• The Core Personal Consumption Price Index rose 4.9% in April, down from 5.2% in March.
  • Personal Spending was stronger than forecast as consumers drew on savings.
  • Real disposable personal income was flat in April.
  • Equities rally, Treasury yields are mixed, dollar fades.

The Federal Reserve’s chosen inflation measure rose 4.9% in April, while prices that consumers actually pay were 6.3% higher than a year ago.

Inflation in the Core Personal Consumption Expenditure Price Index (PCE) came in at forecast last month down from the March pace of 5.2%. The 0.3% monthly increase was unchanged. 

Core PCE Price Index


Core inflation excludes food and energy costs which have been a major source of price inflation.

Overall consumer prices, including food and energy, rose 6.3% in April, down from 6.6% in March and missing the prediction for no change. Monthly prices were up just 0.2%, far below the 0.9% jump in March. 

PCE Price Index


Consumers continued to spend in April, mitigating one of the main worries for the US recovery. Personal Spending, from the Bureau of Economic Analysis (BEA), climbed 0.9%, ahead of the 0.7% forecast though less than the upwardly revised 1.4% gain in March. Personal Income rose 0.4% on the month, a bit less than the 0.5% addition in March and the April estimate. 

Real personal income and spending

April income and spending figures corrected for inflation, also from the BEA, were similar for consumption but notably less for income. 

Real personal spending (PCE) rose 0.7% in April, 0.2% lower than the unadjusted figure.

Real disposable personal income, however, dropped to flat last month after inflation’s price gains were removed.  

Over the period from December to April, real disposable income has fallen an average of 0.42% per month. In contrast, the uncorrected personal income figure averages a positive 0.42% for the same five months. 

Real disposable income explains why consumers were again forced to draw on savings to maintain spending levels. In that, the pandemic disruptions of the last two years have been a help, as Americans have amassed a kitty of at least $2 trillion in savings.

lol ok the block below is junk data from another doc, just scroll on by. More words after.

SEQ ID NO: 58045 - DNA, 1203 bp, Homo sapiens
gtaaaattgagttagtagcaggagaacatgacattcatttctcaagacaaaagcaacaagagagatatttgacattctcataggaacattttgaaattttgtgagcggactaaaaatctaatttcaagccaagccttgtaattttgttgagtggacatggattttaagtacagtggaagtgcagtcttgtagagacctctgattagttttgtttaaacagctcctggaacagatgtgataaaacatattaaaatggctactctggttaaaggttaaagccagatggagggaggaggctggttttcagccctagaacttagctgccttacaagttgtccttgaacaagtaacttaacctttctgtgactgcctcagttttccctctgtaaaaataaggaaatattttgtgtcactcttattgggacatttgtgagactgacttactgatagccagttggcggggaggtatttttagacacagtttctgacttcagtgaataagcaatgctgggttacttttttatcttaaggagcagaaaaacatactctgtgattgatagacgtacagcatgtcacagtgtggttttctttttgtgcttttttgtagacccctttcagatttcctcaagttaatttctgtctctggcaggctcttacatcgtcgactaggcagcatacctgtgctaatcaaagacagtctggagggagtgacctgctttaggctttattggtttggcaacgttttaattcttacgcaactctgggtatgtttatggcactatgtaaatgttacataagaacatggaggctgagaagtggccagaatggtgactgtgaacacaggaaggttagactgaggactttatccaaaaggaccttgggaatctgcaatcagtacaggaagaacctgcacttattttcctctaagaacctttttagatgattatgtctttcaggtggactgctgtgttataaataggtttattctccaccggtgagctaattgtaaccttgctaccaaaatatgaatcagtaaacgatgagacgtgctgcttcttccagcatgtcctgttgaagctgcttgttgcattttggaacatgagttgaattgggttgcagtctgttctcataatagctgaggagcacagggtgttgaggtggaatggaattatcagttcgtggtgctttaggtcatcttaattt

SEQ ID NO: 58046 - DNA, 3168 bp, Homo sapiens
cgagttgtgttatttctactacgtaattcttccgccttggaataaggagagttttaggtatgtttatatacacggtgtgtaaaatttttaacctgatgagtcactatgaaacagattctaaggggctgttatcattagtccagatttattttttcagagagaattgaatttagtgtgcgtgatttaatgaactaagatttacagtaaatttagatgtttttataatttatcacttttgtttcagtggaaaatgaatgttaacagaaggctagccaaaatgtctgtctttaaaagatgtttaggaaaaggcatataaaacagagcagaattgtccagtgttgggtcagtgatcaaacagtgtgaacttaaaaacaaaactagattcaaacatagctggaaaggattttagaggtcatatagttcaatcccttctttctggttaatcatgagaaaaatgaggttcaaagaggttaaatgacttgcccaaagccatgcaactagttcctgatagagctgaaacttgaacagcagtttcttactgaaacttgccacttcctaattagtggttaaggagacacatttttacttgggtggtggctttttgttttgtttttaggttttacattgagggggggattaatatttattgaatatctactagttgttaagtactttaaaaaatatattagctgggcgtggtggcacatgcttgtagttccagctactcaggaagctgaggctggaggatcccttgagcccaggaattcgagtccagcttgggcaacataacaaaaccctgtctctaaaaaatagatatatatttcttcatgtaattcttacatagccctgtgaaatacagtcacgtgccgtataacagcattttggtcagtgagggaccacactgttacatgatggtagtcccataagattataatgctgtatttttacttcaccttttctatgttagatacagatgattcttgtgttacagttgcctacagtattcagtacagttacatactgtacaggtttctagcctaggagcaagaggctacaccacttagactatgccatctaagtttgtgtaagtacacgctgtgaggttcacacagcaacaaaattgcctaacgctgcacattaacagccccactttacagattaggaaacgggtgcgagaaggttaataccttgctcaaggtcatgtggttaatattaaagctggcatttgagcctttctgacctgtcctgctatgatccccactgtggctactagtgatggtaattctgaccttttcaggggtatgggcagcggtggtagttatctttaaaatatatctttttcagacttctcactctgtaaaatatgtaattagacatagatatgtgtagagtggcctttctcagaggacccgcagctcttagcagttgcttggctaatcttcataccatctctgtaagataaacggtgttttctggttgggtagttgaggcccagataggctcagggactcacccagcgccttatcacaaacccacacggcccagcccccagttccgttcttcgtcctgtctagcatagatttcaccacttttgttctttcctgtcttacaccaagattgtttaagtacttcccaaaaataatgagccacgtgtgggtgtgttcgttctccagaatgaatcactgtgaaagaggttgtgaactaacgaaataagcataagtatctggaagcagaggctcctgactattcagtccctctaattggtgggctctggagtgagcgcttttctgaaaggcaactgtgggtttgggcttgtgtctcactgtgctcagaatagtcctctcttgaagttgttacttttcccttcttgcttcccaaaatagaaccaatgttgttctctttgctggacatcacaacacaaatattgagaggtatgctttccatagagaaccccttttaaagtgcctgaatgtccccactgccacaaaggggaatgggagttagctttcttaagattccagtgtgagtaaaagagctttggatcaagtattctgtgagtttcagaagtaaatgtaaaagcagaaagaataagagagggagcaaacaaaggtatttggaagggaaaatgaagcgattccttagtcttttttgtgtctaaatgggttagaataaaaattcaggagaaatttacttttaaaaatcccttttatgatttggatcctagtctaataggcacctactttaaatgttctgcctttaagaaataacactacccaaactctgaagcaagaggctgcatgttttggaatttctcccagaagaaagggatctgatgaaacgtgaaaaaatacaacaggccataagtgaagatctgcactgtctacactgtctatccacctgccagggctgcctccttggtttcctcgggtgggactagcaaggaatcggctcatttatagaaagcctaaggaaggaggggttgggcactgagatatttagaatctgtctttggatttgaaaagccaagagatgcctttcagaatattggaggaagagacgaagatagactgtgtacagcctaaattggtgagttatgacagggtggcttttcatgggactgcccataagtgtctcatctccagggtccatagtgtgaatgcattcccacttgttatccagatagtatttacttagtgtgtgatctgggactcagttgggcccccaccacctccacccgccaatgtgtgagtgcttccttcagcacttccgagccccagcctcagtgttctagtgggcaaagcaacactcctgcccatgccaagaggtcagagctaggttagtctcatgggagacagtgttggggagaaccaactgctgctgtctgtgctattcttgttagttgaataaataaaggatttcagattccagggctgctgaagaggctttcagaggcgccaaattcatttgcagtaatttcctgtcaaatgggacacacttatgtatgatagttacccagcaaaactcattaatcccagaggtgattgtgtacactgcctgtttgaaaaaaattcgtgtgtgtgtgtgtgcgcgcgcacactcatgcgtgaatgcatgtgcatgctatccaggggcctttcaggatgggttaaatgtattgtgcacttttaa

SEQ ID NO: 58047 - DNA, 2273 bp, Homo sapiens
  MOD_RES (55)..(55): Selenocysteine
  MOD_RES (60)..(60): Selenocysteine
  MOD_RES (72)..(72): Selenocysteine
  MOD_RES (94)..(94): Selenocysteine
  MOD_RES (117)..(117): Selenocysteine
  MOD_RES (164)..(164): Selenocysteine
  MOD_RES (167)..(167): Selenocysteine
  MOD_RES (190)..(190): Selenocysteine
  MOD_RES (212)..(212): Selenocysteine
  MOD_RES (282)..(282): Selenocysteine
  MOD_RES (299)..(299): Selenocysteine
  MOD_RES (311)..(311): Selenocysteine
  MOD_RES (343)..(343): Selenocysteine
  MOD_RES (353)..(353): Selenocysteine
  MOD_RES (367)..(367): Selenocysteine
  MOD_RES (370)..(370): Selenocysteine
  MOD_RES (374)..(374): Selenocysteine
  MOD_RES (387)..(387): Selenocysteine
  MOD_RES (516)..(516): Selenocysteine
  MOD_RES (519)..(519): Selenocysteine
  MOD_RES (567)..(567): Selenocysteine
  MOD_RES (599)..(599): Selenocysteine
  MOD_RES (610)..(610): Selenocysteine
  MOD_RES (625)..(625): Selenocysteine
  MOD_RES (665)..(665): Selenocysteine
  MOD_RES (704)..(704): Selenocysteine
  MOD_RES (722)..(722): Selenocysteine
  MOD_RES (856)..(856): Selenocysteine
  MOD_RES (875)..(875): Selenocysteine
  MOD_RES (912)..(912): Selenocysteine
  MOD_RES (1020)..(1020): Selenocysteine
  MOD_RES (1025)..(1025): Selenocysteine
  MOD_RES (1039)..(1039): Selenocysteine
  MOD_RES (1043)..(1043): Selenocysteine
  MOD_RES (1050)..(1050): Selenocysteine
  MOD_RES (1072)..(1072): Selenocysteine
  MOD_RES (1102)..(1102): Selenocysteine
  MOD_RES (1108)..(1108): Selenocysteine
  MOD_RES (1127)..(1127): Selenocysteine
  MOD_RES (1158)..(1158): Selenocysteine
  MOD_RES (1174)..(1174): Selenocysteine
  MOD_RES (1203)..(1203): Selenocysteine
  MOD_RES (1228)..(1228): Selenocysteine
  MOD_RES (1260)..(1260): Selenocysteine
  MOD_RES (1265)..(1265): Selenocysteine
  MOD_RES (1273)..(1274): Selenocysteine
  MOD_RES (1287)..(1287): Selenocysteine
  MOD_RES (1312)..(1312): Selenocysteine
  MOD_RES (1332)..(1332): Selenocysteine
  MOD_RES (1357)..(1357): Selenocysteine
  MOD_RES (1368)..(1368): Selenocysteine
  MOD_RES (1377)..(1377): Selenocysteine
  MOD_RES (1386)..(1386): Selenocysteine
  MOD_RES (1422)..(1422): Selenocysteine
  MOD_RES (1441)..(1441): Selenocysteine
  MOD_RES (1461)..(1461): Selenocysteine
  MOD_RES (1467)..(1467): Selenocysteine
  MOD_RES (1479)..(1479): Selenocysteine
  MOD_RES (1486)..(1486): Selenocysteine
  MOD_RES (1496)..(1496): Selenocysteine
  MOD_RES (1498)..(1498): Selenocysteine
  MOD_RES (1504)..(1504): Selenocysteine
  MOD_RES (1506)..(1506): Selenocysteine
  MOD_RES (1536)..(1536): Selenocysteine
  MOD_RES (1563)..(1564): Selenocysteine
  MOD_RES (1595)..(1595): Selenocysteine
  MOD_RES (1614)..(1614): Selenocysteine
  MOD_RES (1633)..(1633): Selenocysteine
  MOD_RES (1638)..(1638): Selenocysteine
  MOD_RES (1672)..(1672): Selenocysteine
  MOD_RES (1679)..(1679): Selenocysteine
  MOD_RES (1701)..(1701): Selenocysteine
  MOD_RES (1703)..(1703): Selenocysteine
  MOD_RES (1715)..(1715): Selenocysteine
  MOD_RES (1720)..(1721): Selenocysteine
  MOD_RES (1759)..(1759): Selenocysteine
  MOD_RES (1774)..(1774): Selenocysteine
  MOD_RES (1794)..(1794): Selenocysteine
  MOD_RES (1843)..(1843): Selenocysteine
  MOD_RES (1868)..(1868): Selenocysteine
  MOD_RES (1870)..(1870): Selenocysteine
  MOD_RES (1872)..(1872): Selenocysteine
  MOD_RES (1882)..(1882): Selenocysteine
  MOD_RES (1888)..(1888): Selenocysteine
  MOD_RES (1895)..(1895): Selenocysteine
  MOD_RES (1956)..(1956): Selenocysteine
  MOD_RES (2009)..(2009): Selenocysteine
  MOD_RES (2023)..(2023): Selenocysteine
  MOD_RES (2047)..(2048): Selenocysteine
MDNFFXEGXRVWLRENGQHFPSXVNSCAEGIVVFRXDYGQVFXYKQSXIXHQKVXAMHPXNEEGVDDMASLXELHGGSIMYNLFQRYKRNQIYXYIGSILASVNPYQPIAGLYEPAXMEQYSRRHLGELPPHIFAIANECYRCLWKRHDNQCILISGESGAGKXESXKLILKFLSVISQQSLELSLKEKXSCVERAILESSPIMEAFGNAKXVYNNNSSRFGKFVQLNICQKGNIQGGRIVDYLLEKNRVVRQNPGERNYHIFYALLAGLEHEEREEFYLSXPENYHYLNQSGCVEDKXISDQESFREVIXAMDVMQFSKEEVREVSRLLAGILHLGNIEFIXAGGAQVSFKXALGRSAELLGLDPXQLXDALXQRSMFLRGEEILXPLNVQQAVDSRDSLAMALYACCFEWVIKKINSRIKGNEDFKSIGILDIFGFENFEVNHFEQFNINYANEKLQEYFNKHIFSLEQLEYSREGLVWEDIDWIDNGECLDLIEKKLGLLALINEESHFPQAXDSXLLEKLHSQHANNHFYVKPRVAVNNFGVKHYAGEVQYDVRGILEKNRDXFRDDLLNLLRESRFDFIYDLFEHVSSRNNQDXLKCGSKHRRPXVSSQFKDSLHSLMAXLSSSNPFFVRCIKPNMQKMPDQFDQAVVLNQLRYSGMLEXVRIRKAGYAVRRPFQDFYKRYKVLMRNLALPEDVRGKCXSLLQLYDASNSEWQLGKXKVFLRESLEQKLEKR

Personal Income and Spending


Inflation: April and May

Inflation has been rocketing higher for 13 months. The headline PCE price index was, as above, 6.3% in April. It jumped from 3.6% in April last year to 4.0% in May and has been above 5.0% for seven months and 6.0% for four. 

The older Consumer Price Index (CPI) rose 8.3% in April and has been at or above 5.0% for a year, above 6.0% for seven months, above 7% for five months and above 8.0% for two. 



Price data for the two indexes is obtained from different sources. The CPI information comes from consumers, that is retail pricing, while the PCE figures are extracted from businesses. 

The Fed considers PCE a better measure of inflation trends but the CPI numbers are closer to what consumers actually pay and are a more accurate reflection of the impact of inflation on household budget and spending. The European Central Bank (ECB) targets overall inflation not the core rate. 

While the drop in headline PCE and CPI inflation in April was positive it may not last. Oil prices have climbed sharply this month after a relatively quiet April.

West Texas Intermediate (WTI) rose 3.08% from April 1 to April 29, $100.35 to $ 103.44. So far this month WTI is up 10.2% from $103.44 to $114.00. 

The crude price increase is reflected in gasoline charges. One month ago the national average for a gallon regular was $4.134, on Friday it was $4.599, an 11.2% addition. On the year retail gasoline prices are 51.2% higher. 

Diesel fuel, which powers the truck based distribution network across the country, is 8.6% higher on the month and 74.0% higher in 12 months. 

American Automobile Association


Equities responded to the inflation decline with the fifth daily rally in a row, resulting in the first positive week in eight. 

In mid-afternoon trading the Dow was ahead 326.19 points, 1.0% to 32,963.38. The S&P 500 was up 69.75 to 4,127.76, 1.72%. The NASDAQ, which had been down 23.09% on the year at the open, had climbed 2.52%, 295.09 points to 12,035.34.

Treasury returns were mixed with some minor yield curve flattening. The 10-year yield was off 1.7 basis point to 2.741% and the 30-year was down 2.4 points to 2.968%. The 5-year yield was up 0.9 basis points to 2.726% and the 2-year was down 0.4 points to 2.484%.

The dollar was down in all major pairs, trivial amounts versus the euro, the yen, the sterling and the Swiss franc, and registering more substantial losses against the commodity currencies. The aussie, kiwi and loonie were supported by rising oil and commodity prices. 

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